These authors contributed equally.
Non-apoptotic function of caspases in a cellular model of hydrogen peroxide-associated colitis
Article first published online: 7 JUN 2013
© 2013 The Authors. Journal of Cellular and Molecular Medicine Published by Foundation for Cellular and Molecular Medicine/Blackwell Publishing Ltd
This is an open access article under the terms of the Creative Commons Attribution License, which permits use, distribution and reproduction in any medium, provided the original work is properly cited.
Journal of Cellular and Molecular Medicine
Volume 17, Issue 7, pages 901–913, July 2013
How to Cite
Poehlmann, A., Reissig, K., Just, A., Walluscheck, D., Hartig, R., Schinlauer, A., Lessel, W., Guenther, T., Silver, A., Steinberg, P. and Roessner, A. (2013), Non-apoptotic function of caspases in a cellular model of hydrogen peroxide-associated colitis. Journal of Cellular and Molecular Medicine, 17: 901–913. doi: 10.1111/jcmm.12079
- Issue published online: 24 JUL 2013
- Article first published online: 7 JUN 2013
- Manuscript Accepted: 15 APR 2013
- Manuscript Received: 3 AUG 2012
- hydrogen peroxide-associated colitis;
- DNA-damage checkpoints;
- non-apoptotic caspase function;
- JNK-dependent cell cycle arrests;
- neoplastic transformation;
- ATM degradation;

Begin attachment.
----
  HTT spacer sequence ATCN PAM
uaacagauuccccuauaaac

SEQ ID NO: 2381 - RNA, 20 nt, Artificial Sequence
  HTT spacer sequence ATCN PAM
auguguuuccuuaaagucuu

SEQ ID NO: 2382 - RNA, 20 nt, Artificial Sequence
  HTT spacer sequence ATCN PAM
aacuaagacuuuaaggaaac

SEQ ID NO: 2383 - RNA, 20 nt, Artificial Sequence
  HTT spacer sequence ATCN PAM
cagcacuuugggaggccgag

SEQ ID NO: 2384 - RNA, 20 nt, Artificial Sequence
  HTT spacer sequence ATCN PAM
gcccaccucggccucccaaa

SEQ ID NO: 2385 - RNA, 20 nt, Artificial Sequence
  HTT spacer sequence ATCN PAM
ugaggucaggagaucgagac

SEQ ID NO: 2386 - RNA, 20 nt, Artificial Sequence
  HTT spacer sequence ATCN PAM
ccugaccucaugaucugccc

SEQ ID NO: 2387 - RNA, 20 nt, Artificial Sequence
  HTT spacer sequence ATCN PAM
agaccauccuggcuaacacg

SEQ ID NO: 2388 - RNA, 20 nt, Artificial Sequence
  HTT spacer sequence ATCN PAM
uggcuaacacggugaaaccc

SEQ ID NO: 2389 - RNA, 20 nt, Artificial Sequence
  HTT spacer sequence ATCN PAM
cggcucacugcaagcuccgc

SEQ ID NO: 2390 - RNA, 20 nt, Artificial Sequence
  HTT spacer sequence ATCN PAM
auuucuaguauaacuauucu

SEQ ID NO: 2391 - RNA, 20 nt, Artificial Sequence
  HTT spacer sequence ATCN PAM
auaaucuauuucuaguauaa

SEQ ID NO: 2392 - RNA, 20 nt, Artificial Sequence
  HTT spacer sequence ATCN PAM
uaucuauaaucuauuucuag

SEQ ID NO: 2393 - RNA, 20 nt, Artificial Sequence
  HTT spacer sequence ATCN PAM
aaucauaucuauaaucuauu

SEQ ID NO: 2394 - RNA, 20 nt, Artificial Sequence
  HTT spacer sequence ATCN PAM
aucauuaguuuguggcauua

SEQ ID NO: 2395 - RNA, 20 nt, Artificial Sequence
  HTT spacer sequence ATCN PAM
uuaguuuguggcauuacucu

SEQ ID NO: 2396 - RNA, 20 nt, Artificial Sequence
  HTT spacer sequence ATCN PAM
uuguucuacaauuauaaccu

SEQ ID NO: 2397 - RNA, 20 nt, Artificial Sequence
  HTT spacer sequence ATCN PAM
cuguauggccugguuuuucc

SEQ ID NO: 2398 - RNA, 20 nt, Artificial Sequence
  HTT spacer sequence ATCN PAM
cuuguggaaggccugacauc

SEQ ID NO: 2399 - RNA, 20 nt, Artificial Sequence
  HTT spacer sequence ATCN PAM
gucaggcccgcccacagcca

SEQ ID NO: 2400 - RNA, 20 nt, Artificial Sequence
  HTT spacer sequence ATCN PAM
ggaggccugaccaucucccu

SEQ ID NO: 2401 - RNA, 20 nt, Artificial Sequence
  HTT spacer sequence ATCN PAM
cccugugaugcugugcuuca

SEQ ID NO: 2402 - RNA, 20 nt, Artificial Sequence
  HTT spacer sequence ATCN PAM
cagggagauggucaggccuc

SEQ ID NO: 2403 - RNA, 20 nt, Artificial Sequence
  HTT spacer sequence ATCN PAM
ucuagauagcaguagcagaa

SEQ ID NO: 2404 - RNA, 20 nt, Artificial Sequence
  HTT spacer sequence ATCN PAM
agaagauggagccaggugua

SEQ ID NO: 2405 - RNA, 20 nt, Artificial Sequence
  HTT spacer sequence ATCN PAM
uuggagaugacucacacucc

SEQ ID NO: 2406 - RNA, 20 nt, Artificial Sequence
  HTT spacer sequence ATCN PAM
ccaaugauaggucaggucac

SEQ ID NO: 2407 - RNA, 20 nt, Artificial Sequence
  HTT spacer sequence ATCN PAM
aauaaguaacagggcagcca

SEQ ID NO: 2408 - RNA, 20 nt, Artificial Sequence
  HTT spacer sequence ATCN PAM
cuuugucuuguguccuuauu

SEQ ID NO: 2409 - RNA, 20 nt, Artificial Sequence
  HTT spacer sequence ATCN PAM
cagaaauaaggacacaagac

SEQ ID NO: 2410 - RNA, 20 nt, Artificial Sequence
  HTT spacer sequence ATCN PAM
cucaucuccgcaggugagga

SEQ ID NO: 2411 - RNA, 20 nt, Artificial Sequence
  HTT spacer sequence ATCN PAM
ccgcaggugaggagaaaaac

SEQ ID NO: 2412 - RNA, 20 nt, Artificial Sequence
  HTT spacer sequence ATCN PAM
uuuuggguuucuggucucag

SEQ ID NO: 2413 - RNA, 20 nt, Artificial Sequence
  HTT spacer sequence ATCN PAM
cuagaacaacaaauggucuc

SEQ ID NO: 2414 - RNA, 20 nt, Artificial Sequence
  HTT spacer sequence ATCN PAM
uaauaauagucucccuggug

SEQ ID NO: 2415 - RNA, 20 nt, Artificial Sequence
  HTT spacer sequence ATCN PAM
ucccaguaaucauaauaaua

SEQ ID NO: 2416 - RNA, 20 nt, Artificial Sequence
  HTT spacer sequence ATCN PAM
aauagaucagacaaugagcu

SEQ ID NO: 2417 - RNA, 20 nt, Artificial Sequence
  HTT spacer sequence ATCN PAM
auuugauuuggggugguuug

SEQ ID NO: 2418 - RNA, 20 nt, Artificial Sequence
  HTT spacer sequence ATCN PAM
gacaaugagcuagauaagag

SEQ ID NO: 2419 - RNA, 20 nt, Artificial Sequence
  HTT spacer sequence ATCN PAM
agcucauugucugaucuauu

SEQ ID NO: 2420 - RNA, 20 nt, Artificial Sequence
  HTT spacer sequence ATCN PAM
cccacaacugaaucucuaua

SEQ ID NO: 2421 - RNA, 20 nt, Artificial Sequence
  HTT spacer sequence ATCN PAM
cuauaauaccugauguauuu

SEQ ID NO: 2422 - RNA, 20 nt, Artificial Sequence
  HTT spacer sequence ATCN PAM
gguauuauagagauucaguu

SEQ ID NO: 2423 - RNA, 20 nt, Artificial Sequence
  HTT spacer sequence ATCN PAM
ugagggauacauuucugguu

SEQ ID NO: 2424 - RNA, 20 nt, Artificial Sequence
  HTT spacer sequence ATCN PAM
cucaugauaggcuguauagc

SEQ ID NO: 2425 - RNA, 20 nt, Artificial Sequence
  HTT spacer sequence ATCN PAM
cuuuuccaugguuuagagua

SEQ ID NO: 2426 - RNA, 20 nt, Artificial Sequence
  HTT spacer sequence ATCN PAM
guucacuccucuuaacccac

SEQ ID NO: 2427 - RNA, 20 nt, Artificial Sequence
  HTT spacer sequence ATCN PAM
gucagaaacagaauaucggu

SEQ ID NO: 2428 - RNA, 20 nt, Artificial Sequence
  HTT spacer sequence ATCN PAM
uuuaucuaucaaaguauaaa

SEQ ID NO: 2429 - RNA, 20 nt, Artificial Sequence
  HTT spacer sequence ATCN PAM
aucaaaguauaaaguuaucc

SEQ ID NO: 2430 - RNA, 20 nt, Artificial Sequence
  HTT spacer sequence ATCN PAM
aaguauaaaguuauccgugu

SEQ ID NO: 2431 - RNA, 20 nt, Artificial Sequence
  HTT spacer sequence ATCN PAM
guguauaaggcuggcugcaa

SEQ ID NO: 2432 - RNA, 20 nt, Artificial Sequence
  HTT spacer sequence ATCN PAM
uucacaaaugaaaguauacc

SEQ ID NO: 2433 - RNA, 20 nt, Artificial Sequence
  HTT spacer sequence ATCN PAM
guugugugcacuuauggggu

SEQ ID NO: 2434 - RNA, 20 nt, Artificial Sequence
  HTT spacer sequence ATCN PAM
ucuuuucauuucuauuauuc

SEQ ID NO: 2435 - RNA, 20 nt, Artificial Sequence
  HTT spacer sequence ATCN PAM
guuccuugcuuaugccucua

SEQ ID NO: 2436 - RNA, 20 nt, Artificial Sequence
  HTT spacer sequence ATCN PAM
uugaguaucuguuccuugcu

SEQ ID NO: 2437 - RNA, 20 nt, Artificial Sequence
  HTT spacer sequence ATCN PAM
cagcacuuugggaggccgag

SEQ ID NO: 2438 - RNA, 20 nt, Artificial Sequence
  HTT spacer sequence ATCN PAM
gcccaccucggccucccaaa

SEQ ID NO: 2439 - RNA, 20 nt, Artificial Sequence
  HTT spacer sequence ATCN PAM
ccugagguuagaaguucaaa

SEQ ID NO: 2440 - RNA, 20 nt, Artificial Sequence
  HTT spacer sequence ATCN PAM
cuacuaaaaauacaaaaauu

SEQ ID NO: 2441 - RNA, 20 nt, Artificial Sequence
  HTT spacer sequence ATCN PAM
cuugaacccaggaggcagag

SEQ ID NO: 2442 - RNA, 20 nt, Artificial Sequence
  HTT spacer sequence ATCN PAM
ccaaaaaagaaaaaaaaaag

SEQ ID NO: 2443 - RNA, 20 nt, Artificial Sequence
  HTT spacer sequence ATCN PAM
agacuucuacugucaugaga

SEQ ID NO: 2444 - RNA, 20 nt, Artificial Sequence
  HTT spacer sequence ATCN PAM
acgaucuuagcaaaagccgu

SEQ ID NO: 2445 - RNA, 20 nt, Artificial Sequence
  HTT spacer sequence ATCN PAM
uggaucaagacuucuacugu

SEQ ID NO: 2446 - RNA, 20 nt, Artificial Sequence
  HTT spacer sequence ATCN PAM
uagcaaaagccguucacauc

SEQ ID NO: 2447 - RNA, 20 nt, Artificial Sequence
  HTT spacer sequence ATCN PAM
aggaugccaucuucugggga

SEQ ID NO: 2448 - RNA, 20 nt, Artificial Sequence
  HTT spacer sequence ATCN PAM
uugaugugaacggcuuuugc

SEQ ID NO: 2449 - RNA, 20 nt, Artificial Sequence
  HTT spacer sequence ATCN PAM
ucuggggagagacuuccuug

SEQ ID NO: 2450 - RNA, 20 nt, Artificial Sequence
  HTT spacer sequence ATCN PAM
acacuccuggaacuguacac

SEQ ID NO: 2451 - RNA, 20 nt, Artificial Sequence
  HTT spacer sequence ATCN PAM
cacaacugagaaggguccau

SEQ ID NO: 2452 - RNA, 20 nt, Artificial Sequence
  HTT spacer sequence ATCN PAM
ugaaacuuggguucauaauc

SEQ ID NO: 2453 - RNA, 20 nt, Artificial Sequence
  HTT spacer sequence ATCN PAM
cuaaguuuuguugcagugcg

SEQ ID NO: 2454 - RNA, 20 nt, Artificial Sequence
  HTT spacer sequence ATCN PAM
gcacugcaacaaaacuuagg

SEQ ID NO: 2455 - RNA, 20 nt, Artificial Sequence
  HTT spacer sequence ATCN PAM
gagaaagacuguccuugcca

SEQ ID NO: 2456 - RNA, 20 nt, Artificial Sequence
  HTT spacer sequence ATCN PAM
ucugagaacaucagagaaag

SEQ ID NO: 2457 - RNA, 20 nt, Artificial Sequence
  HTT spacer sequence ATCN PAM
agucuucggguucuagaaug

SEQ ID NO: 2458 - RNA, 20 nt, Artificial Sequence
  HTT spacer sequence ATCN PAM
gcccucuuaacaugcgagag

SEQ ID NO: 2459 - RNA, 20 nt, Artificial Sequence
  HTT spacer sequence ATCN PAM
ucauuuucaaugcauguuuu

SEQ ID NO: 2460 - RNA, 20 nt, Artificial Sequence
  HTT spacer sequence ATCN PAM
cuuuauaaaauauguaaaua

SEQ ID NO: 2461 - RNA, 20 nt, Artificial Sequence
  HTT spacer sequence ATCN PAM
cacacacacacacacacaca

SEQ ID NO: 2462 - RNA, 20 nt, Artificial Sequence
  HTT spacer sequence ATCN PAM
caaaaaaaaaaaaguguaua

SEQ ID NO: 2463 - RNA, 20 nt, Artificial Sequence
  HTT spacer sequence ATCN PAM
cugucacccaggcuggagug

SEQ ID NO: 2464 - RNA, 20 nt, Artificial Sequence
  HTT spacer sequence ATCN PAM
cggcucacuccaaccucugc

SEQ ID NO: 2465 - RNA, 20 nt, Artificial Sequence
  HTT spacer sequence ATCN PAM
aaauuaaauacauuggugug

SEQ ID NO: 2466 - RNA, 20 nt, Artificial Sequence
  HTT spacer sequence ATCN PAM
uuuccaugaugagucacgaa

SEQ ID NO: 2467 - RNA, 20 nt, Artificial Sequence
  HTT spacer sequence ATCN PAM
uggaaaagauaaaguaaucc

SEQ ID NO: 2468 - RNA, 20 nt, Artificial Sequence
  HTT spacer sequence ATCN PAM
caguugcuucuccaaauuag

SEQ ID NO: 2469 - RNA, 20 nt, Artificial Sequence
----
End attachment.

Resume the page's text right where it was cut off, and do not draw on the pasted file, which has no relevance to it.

Oxidative stress, caused by reactive oxygen species (ROS), is a major contributor to inflammatory bowel disease (IBD)-associated neoplasia. We mimicked ROS exposure of the epithelium in IBD using non-tumour human colonic epithelial cells (HCEC) and hydrogen peroxide (H2O2). A population of HCEC survived H2O2-induced oxidative stress via JNK-dependent cell cycle arrests. Caspases, p21WAF1 and γ-H2AX were identified as JNK-regulated proteins. Up-regulation of caspases was linked to cell survival and not, as expected, to apoptosis. Inhibition using the pan-caspase inhibitor Z-VAD-FMK caused up-regulation of γ-H2AX, a DNA-damage sensor, indicating its negative regulation via caspases. Cell cycle analysis revealed an accumulation of HCEC in the G1-phase as first response to oxidative stress and increased S-phase population and then apoptosis as second response following caspase inhibition. Thus, caspases execute a non-apoptotic function by promoting cells through G1- and S-phase by overriding the G1/S- and intra-S checkpoints despite DNA-damage. This led to the accumulation of cells in the G2/M-phase and decreased apoptosis. Caspases mediate survival of oxidatively damaged HCEC via γ-H2AX suppression, although its direct proteolytic inactivation was excluded. Conversely, we found that oxidative stress led to caspase-dependent proteolytic degradation of the DNA-damage checkpoint protein ATM that is upstream of γ-H2AX. As a consequence, undetected DNA-damage and increased proliferation were found in repeatedly H2O2-exposed HCEC. Such features have been associated with neoplastic transformation and appear here to be mediated by a non-apoptotic function of caspases. Overexpression of upstream p-JNK in active ulcerative colitis also suggests a potential importance of this pathway in vivo.